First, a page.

Attorney General Carl Bethel.
By KHRISNA RUSSELL
Tribune Chief Reporter
ATTORNEY General Carl Bethel has announced that telecommunications companies have submitted recommendations to the government for the implementation of a 5G network in The Bahamas.
“Let me assure the Bahamian people, 5G is coming,” Mr Bethel said in the Senate yesterday, as he revealed it was the Cabinet’s decision to approach the country’s communications giants to have discussions about 5G.
5G is the fifth generation technology standard for broadband cellular networks. Phone companies began introducing the technology around the world in 2019.
“One of the issues raised was the question of devising a strategy for the implementation of 5G within our lifetimes and as soon as practicable,” Mr Bethel said.
“I asked the agencies, the two giants, to either prepare a separate or collaborative report.
“Well, being in a state of competition they went so far and combined, up to a certain point, their recommendations and then for competitive reasons they each went and did other things into separate reports that have now been received (and) turned over now to the appropriate minister for implementation.
“I was minister of the regulator and I put the lions in the cage. Having done that, those reports as soon as received were turned over to the minister and I am sure that he will be able to in short order I believe he’s speaking tomorrow to give a more full presentation.
“But, the government of The Bahamas I assure you now has already weighed in with our private sector partners and they have fully embraced the challenge to devise plans which the honourable minister, who we say is the best of the lot and I agree he is one of the best of all of us will no doubt push through towards an early conclusion.”
Mr Bethel said State Finance Minister Kwasi Thompson was expected to make further comment on the matter at a later date.
He was responding to Senator Fred Mitchell, leader of opposition business in the Senate, who raised concern that the country could not advance efficiently into a digital economy while plagued by telecommunications issues.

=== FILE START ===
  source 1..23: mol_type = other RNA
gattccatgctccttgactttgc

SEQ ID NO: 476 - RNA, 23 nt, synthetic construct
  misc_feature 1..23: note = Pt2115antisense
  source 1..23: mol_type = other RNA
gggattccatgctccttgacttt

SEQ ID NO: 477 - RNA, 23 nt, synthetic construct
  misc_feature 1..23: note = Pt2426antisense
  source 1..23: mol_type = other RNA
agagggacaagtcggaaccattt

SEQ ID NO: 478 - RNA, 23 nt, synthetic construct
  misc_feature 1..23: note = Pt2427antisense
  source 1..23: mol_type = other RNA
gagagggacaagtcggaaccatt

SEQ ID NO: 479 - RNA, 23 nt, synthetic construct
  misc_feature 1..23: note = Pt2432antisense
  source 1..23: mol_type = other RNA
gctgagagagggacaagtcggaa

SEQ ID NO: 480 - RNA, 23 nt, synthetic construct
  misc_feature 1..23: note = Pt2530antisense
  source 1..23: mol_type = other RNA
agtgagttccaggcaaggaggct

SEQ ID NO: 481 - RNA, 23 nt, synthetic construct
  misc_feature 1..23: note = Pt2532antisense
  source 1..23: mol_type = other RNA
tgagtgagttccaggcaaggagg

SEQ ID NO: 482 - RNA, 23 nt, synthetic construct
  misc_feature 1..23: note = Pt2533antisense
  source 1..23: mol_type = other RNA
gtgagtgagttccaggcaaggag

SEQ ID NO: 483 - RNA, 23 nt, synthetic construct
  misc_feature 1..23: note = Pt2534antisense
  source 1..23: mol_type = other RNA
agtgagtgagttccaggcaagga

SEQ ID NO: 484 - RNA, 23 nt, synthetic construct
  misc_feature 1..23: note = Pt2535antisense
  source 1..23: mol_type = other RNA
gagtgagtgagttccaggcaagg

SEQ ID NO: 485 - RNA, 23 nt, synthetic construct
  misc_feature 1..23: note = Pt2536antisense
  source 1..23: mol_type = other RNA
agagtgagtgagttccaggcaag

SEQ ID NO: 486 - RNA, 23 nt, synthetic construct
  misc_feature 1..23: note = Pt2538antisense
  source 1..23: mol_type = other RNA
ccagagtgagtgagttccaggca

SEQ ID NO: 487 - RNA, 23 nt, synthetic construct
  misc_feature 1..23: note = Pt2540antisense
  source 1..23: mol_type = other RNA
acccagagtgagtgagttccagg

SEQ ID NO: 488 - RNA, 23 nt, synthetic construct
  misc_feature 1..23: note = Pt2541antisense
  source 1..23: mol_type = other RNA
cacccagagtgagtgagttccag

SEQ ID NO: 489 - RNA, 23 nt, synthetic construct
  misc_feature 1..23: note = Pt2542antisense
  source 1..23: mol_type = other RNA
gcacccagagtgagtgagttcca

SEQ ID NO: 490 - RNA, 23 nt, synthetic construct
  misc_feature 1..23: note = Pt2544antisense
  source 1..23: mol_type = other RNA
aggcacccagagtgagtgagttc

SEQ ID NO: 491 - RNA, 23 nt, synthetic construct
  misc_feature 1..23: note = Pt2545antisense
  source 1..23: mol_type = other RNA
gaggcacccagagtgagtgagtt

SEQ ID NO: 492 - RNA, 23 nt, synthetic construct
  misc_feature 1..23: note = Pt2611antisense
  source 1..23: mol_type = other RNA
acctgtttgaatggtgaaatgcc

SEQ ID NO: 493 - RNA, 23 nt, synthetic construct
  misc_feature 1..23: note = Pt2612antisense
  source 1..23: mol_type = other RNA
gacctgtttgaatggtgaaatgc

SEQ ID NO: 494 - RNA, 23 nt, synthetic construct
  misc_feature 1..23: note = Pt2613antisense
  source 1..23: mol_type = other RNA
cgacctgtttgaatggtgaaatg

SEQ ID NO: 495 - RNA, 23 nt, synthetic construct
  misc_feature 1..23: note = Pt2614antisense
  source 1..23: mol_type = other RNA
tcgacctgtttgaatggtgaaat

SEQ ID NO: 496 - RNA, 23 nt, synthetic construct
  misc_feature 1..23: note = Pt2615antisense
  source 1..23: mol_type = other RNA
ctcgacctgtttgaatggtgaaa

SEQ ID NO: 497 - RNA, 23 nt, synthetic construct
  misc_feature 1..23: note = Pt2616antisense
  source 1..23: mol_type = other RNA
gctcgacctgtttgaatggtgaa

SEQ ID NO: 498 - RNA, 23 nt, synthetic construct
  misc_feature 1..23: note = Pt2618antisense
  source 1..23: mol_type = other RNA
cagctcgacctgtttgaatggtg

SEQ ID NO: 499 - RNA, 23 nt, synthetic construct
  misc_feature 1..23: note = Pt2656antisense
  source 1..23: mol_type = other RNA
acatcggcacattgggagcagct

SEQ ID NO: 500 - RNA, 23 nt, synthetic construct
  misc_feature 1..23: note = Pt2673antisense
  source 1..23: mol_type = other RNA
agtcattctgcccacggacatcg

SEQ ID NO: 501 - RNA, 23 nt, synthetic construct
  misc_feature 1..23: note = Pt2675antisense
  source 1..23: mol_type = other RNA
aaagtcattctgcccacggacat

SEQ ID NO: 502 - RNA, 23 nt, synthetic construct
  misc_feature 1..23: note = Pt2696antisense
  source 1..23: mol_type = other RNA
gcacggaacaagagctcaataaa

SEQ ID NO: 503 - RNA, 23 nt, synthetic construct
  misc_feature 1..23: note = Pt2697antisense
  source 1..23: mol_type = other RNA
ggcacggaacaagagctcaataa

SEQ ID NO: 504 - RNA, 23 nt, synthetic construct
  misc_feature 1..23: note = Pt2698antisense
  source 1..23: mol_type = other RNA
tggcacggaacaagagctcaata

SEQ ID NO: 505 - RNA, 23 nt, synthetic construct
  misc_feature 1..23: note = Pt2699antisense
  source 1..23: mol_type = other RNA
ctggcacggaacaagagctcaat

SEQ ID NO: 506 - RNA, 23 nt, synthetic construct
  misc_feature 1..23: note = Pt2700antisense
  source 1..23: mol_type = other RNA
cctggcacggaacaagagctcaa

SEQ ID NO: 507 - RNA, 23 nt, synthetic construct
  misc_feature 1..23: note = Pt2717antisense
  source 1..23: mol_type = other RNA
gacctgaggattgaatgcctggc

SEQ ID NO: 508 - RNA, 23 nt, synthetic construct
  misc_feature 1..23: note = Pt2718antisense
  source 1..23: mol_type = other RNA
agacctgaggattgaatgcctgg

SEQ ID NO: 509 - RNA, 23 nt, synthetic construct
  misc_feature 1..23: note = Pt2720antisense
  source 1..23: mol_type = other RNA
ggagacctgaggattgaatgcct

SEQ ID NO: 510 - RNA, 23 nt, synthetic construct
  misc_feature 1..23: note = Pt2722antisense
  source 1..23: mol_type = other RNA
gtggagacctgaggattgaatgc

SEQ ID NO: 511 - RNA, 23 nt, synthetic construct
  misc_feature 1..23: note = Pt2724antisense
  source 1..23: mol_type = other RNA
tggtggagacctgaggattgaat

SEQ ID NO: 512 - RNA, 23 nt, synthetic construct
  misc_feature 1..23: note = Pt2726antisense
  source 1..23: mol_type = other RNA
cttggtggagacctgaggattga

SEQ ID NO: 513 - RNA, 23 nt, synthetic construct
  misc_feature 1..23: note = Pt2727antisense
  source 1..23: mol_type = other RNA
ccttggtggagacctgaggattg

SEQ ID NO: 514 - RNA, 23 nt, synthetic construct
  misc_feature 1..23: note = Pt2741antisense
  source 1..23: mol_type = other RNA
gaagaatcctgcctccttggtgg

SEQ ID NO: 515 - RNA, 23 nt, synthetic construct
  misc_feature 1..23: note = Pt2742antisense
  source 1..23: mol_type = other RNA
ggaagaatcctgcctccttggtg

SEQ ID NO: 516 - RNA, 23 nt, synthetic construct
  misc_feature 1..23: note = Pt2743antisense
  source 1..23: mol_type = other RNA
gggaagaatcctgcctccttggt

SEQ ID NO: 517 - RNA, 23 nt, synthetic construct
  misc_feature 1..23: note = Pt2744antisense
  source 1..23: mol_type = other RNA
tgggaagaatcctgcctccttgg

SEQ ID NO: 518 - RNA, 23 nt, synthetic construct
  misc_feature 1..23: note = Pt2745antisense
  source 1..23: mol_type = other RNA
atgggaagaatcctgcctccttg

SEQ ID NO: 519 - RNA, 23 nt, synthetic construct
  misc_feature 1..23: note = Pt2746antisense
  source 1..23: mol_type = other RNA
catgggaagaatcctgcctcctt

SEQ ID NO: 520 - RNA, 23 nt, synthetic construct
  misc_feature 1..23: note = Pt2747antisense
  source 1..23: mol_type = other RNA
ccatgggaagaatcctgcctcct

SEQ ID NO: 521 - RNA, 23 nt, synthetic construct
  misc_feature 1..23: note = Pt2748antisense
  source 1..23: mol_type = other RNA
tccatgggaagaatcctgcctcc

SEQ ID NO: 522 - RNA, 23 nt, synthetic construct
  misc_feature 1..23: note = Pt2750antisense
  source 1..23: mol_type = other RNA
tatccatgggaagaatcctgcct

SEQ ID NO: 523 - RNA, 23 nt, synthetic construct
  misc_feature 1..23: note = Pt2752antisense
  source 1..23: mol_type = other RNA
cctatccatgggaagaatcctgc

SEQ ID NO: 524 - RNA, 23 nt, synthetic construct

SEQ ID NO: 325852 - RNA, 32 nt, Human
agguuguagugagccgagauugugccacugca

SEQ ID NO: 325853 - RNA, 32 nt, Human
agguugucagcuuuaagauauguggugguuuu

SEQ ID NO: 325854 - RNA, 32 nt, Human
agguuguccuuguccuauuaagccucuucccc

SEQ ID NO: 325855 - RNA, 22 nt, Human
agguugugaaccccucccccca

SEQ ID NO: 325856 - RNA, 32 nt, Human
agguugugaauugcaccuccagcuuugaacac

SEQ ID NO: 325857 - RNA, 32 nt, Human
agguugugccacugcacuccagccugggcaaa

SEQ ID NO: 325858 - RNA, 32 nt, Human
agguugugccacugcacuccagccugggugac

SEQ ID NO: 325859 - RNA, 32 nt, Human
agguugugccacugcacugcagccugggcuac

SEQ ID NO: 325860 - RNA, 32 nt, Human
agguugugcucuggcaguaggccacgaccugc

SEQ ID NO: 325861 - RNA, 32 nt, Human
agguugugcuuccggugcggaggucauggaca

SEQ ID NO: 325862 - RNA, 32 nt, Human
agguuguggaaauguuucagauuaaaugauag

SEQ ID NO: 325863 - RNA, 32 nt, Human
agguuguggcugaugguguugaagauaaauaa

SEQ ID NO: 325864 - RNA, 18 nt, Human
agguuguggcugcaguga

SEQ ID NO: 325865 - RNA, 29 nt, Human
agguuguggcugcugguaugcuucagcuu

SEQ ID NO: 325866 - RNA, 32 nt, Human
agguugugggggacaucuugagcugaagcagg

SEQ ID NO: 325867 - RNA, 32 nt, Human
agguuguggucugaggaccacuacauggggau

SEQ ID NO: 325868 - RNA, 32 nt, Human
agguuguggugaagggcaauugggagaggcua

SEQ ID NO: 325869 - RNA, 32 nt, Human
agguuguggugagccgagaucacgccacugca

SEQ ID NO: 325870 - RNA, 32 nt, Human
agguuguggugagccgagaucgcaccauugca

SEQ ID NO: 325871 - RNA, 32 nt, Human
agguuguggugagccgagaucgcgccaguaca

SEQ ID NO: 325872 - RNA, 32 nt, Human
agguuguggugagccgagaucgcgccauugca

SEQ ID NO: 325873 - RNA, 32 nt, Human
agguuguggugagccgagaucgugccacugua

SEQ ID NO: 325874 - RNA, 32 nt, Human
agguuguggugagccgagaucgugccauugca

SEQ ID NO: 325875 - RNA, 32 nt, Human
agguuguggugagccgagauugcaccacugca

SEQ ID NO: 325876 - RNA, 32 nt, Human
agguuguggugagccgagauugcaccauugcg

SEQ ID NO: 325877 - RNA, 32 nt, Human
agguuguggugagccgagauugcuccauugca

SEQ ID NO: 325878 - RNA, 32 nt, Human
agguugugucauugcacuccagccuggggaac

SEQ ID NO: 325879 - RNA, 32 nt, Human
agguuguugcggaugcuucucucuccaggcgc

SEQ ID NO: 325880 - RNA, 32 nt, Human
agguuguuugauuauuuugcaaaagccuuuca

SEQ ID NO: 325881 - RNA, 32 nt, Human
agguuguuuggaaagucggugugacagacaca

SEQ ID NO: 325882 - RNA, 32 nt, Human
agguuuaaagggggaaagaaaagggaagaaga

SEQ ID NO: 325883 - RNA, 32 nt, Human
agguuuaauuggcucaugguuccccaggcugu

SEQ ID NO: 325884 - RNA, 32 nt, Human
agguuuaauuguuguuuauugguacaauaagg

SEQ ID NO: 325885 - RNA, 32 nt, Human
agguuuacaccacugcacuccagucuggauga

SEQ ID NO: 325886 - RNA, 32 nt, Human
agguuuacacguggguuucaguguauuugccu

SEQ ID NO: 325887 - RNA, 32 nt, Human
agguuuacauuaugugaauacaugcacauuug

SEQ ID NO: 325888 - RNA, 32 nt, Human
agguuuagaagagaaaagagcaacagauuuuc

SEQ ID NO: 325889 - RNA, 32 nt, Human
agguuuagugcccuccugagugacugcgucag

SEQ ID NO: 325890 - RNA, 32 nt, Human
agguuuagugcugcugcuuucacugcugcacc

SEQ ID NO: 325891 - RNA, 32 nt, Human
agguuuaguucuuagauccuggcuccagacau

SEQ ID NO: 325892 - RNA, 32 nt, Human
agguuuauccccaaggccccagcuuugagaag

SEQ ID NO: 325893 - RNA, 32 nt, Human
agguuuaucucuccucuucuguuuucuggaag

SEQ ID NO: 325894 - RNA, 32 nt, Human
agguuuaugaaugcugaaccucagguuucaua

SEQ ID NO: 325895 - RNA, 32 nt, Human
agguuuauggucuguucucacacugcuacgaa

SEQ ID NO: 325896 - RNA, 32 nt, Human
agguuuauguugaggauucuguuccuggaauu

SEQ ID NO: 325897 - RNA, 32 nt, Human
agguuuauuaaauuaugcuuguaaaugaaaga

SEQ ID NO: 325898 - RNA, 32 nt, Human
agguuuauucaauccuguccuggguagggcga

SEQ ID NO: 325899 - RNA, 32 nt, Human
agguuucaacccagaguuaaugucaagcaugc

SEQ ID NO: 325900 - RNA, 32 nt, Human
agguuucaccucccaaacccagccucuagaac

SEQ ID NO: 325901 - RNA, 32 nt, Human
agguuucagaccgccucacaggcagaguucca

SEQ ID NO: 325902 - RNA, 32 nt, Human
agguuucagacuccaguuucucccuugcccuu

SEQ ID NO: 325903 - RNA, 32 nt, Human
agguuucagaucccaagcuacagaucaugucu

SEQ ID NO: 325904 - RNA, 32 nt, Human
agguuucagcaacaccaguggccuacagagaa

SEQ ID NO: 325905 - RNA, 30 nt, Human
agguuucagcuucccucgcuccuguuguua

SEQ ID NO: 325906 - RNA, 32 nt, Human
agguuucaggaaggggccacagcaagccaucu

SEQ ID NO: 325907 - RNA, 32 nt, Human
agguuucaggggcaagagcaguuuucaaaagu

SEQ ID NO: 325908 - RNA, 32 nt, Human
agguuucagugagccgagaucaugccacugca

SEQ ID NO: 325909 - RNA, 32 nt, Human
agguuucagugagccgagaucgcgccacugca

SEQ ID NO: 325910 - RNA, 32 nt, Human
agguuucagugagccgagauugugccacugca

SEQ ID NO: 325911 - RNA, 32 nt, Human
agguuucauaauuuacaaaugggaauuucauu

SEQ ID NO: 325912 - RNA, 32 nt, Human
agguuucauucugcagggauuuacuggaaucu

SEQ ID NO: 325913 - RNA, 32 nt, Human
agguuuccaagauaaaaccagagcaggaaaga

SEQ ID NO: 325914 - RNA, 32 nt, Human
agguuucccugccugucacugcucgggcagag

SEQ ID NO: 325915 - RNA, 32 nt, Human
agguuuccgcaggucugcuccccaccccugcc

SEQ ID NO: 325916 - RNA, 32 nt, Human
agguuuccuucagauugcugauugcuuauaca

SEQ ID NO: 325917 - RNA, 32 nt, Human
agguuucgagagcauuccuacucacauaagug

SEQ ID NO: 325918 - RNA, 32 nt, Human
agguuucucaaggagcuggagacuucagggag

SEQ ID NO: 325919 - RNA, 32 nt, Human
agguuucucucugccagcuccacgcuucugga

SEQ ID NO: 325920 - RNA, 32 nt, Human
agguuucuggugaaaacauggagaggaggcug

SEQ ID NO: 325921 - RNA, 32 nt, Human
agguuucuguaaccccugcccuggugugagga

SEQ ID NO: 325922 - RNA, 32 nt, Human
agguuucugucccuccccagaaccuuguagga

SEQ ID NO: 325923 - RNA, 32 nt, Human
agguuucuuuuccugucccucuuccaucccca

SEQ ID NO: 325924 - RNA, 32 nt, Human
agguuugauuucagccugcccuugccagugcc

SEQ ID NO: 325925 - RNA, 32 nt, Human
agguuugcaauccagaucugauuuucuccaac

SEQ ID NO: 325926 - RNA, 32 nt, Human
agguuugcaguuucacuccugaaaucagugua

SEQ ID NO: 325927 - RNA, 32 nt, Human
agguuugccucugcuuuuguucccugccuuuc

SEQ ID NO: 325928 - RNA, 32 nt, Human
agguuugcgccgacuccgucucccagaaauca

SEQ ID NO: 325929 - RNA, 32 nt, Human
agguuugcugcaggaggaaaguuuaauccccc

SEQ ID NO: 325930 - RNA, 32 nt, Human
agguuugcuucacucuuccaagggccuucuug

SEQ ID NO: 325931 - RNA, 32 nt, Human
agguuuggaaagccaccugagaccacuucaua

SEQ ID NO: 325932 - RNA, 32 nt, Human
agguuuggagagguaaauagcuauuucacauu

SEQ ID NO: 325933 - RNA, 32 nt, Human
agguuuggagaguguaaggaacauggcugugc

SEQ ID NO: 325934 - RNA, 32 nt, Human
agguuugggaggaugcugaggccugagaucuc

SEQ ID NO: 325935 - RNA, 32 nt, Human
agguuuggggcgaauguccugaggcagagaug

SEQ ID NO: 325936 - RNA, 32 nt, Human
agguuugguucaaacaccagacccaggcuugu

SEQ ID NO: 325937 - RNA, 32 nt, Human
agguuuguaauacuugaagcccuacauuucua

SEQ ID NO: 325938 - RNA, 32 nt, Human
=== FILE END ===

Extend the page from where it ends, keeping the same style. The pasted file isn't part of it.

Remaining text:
He said: “When I go to Grand Bahama in the middle of every call whether using the phone network or using the data network (there are) dropped calls, dropped data. Sometimes you have to wait two and three minutes for it to come back up and (also) here in New Providence.
“So, all I say is one day you know you go to the ATM and it keeps spinning, spinning, spinning you know. Central Bank is saying it’s going to become a digital currency and all of the digital stuff. Nothing in my view beats cold hard cash. It’s the greatest invention of mankind because it’s easy to use and no issues. So, that’s my feel on that and I mention that because in the last couple of weeks there was a statement by the now CEO of BTC a man named Andre Foster.
“The first time I’ve seen the telephone company’s actually address the question of 5G and what they are going to do. Now, my feeling is and this is the suggestion to my own party is that he says 5G will come in (20)22 or (20)23. I don’t know how you’re going to build a digital economy unless you improve this service.
“My view is that the Bahamas government ought to form a public corporation and do from island to island within the islands a complete fibre network to digitise this country, which we will own and the phone companies can take in offers if they want, but they clearly do not in my view have the national interest of this country.”
He continued: “What they are doing is selling cell phones. You know the more cellphones you sell and extracting profits and fancy ads and all of this but national development cannot move forward in my view unless there is a proper digital platform and infrastructure for The Bahamas and I’d like to advocate that.”
New BTC CEO Andre Foster recently told Guardian Radio that to build a 5G network locally would require partnership with other providers because it needs “so much investment from an infrastructure perspective.” Mr Foster said there was no real demand locally for such a network, therefore it will likely not be built until next year or 2023.
In 2019, Aliv’s Chief Officer Damian Blackburn said the company was “keeping a close eye” on global developments around 5G, the next generation of mobile technology, even though he suggested this was unlikely to become “commercially available” until 2022.